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Red LED Light Therapy for Sports Injuries

author image Jim Orrill
Since 2006 Jim Orrill has produced reviews and essays on popular culture for publications including Lemurvision and "Sexis." Based in Western North Carolina, Orrill graduated cum laude from the University of North Carolina with a bachelor's degree in office systems.
Red LED Light Therapy for Sports Injuries
A doctor uses light therapy tool on a patient's injured shoulder. Photo Credit: maria_esau/iStock/Getty Images

Near-infrared LED light offers athletes noninvasive treatment for soft tissue injuries, providing recovery and pain relief. Athletes or non-competitive sportsman who suffer injuries to their shoulders, back, legs and other areas may benefit from light therapy. NASA conducted research throughout the 2000s indicating that the red light stimulated energy production within cells, effectively providing enough fuel to boost tissue regeneration and accelerate the healing process. LED therapeutic equipment manufacturer Med X notes that only a medical doctor can provide LED therapy or issue a referral, so consult your physician if you think this treatment is appropriate for you.

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The Beam

Unlike the light within a laser, an LED's red light is noncoherent. If you were to draw the waves comprising the red light, each would have a slightly different waveform, with each wave reaching its peak and trough at slightly different places. With coherent laser light, whose waveforms are all symmetrical. This noncoherent light spreads out over a greater surface area than the more focused laser light, allowing a physician to treat a larger injured area than he could with a laser. Red light has a particularly short wavelength, meaning that each individual wave is extremely close to the waves in front of and behind it. The shorter the light's wavelength, the deeper the light can penetrate into the skin, making the short-wavelength red light ideal for using in therapy.

Stimulating Energy Production in Cells

Associate professor of Clinical Lab Sciences Janis Eells and Dr. Harry Whelan conducted research indicating that near-infrared light emitted from an LED diode acts as a catalyst on cytochrome oxidase, an enzyme that sends a signal to the mitochondria, structures within a cell that produce adenosine triphosphate. ATP provides the fuel each cell needs to power its biological processes, including regeneration and healing. As the red light penetrates the skin, continuously reaching the light-sensitive cytochrome oxidase within the body's cells, ATP production increases for the duration of the treatment, accelerating the recovery of injured tissue.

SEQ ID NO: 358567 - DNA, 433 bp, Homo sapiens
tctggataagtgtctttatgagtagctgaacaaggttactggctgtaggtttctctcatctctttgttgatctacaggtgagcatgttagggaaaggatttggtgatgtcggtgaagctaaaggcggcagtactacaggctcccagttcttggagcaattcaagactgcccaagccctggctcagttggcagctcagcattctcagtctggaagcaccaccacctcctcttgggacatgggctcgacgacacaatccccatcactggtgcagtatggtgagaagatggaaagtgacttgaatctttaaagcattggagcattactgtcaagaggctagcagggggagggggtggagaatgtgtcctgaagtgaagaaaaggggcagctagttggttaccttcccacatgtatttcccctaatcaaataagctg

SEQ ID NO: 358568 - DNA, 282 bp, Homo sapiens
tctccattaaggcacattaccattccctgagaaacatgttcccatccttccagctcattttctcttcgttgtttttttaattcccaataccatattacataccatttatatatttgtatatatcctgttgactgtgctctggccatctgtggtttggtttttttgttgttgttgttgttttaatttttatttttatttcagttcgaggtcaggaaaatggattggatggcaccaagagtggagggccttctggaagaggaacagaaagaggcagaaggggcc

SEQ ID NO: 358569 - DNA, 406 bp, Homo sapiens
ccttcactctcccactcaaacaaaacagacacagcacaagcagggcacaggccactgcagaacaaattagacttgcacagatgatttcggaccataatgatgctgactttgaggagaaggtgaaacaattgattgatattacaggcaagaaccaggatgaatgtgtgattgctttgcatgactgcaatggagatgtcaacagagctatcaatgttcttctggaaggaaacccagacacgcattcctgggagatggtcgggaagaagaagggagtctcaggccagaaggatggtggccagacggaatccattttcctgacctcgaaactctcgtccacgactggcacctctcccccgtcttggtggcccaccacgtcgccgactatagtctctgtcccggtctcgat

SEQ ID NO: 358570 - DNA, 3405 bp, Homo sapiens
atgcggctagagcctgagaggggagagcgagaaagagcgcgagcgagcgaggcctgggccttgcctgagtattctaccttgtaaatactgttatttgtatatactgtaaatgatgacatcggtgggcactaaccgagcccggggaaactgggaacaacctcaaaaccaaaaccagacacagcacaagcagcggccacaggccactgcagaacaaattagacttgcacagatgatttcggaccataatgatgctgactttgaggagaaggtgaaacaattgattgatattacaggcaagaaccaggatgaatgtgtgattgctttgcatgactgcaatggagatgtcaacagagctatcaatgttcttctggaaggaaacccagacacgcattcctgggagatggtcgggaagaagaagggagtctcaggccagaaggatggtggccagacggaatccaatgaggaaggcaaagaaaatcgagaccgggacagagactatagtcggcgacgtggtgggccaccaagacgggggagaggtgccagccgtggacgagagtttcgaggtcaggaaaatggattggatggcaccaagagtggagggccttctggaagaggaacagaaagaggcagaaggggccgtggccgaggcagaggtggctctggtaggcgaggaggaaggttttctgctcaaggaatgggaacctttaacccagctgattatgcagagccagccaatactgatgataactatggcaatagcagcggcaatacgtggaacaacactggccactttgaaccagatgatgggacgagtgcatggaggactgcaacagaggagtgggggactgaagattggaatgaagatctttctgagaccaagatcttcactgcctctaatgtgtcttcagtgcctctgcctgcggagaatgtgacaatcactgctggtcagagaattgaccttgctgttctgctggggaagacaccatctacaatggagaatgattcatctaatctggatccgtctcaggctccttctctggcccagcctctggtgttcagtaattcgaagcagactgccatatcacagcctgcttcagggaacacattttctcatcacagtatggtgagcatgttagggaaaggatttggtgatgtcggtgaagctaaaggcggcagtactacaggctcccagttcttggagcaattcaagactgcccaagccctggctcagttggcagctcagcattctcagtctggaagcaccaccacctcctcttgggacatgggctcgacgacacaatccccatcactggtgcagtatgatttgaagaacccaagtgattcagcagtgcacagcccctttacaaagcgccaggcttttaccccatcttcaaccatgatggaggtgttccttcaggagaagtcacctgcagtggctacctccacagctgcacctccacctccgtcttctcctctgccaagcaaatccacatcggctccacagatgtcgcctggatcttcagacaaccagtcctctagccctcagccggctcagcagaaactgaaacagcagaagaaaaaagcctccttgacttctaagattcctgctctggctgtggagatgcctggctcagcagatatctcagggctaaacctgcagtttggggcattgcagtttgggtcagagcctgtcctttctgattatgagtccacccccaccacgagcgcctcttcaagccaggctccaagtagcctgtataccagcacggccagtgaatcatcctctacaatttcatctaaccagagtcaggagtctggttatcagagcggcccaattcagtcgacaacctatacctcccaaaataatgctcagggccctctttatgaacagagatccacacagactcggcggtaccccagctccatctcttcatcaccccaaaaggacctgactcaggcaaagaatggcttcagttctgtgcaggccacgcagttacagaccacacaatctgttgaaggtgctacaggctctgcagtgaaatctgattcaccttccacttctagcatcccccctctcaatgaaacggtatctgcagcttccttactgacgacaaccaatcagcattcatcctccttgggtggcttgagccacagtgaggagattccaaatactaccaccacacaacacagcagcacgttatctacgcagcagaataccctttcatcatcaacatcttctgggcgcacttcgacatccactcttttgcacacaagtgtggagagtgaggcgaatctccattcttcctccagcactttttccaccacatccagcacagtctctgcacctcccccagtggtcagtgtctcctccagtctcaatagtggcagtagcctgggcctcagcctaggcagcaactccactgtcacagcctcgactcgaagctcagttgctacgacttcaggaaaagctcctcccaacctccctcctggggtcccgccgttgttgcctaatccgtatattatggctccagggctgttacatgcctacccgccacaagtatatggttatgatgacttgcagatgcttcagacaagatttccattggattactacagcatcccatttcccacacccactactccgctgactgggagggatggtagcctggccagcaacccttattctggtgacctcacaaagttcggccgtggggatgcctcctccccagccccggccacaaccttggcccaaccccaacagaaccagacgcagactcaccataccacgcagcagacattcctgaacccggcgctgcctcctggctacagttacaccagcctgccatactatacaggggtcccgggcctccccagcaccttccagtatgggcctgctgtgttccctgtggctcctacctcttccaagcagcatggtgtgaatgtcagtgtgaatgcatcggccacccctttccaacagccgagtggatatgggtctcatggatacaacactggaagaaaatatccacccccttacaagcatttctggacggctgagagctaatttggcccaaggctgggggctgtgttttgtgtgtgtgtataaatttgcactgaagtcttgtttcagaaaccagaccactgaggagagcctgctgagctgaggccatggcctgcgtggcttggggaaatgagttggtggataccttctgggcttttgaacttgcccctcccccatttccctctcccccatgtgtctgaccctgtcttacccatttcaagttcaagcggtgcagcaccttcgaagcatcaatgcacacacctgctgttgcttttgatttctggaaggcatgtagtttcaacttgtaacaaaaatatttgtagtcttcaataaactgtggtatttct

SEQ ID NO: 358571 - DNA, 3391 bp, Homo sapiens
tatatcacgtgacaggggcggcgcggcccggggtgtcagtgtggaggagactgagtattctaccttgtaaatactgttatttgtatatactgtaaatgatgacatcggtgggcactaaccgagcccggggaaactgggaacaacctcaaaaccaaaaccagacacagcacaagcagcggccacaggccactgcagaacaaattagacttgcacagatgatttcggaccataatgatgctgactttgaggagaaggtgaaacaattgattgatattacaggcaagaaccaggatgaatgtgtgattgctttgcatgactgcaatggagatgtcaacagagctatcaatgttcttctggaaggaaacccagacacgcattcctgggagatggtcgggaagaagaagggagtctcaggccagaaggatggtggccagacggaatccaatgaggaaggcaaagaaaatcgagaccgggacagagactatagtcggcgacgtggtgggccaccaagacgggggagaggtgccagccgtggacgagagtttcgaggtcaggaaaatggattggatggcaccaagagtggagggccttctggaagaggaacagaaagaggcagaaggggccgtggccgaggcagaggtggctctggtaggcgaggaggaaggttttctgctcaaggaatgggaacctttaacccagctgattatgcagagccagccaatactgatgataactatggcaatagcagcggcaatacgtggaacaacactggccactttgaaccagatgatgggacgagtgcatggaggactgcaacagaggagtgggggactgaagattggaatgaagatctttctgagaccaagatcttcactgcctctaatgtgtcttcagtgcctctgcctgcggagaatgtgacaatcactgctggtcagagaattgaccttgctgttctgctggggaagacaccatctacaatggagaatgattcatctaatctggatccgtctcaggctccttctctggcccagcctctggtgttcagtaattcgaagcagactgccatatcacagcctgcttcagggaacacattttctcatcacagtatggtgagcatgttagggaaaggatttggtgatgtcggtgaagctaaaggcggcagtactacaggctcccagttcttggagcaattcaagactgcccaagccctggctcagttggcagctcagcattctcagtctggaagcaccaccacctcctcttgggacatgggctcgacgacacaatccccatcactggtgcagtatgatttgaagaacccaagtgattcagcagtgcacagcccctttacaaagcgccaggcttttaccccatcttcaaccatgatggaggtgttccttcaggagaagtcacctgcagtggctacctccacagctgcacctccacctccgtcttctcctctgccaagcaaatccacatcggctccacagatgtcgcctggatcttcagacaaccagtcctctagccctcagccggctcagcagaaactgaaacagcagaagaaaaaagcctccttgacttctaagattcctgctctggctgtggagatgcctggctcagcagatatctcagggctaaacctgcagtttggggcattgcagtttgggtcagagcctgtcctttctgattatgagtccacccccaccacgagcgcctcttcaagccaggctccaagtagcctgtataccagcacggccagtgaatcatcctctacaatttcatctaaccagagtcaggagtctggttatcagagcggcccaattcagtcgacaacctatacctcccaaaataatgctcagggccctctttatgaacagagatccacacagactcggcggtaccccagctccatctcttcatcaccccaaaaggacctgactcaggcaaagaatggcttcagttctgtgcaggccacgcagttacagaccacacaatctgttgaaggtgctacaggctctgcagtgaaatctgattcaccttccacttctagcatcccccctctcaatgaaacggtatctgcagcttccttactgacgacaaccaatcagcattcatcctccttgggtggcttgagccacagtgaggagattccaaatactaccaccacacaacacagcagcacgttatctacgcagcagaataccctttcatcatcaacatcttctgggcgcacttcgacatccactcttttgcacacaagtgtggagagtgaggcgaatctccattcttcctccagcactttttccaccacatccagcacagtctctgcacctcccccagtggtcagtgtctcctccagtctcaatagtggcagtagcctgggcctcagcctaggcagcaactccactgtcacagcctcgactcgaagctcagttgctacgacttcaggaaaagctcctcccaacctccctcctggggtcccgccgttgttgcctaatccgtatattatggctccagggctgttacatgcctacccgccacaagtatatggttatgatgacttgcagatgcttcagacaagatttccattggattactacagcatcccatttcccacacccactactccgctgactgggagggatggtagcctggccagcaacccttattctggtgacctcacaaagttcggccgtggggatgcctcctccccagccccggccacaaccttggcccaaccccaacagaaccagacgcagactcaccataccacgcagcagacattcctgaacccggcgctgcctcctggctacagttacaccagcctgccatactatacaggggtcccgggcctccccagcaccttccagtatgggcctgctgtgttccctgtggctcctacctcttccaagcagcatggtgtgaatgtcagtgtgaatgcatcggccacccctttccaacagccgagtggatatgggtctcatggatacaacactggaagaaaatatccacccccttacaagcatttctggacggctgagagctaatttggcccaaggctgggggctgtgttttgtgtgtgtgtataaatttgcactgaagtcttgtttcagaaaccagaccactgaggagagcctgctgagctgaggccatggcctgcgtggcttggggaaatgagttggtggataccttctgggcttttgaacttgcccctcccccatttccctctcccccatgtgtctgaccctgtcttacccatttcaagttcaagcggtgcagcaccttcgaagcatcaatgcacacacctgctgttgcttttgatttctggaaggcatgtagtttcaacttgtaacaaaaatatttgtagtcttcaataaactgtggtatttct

Repairing Injured Tissue

Once the red LED light has increased the cell's energy production, each cell within the treated area begins producing new cells to replace the cells of the injured tissue. In his paper Mechanisms of Low Level Light Therapy, author Michael R. Hamblin reported that once ATP production increases, so does a cell's production of fibroblasts. These cells provide the building blocks of the body's connective tissue, producing collagen and other soft tissues and making increased fibroblast creation particularly helpful in treating sports injuries involving torn tendons or ligaments.


Med X notes that patients undergoing steroid therapy or currently using anti-inflammatory medication should not undergo LED light therapy. Inflammation is the body's natural response to injury, helping injured cells stave off infection and begin the process of healing, though unchecked inflammation becomes detrimental to the patient. Anti-inflammatory medications cancel out the accelerated cell activity that LED light triggers, negating any therapeutic benefits of the therapy. Med X also indicates that doctors shouldn't use LED light treatments for eye injuries, on any wound or injury over a pregnant woman's uterus, and over any skin growths that may be cancerous.

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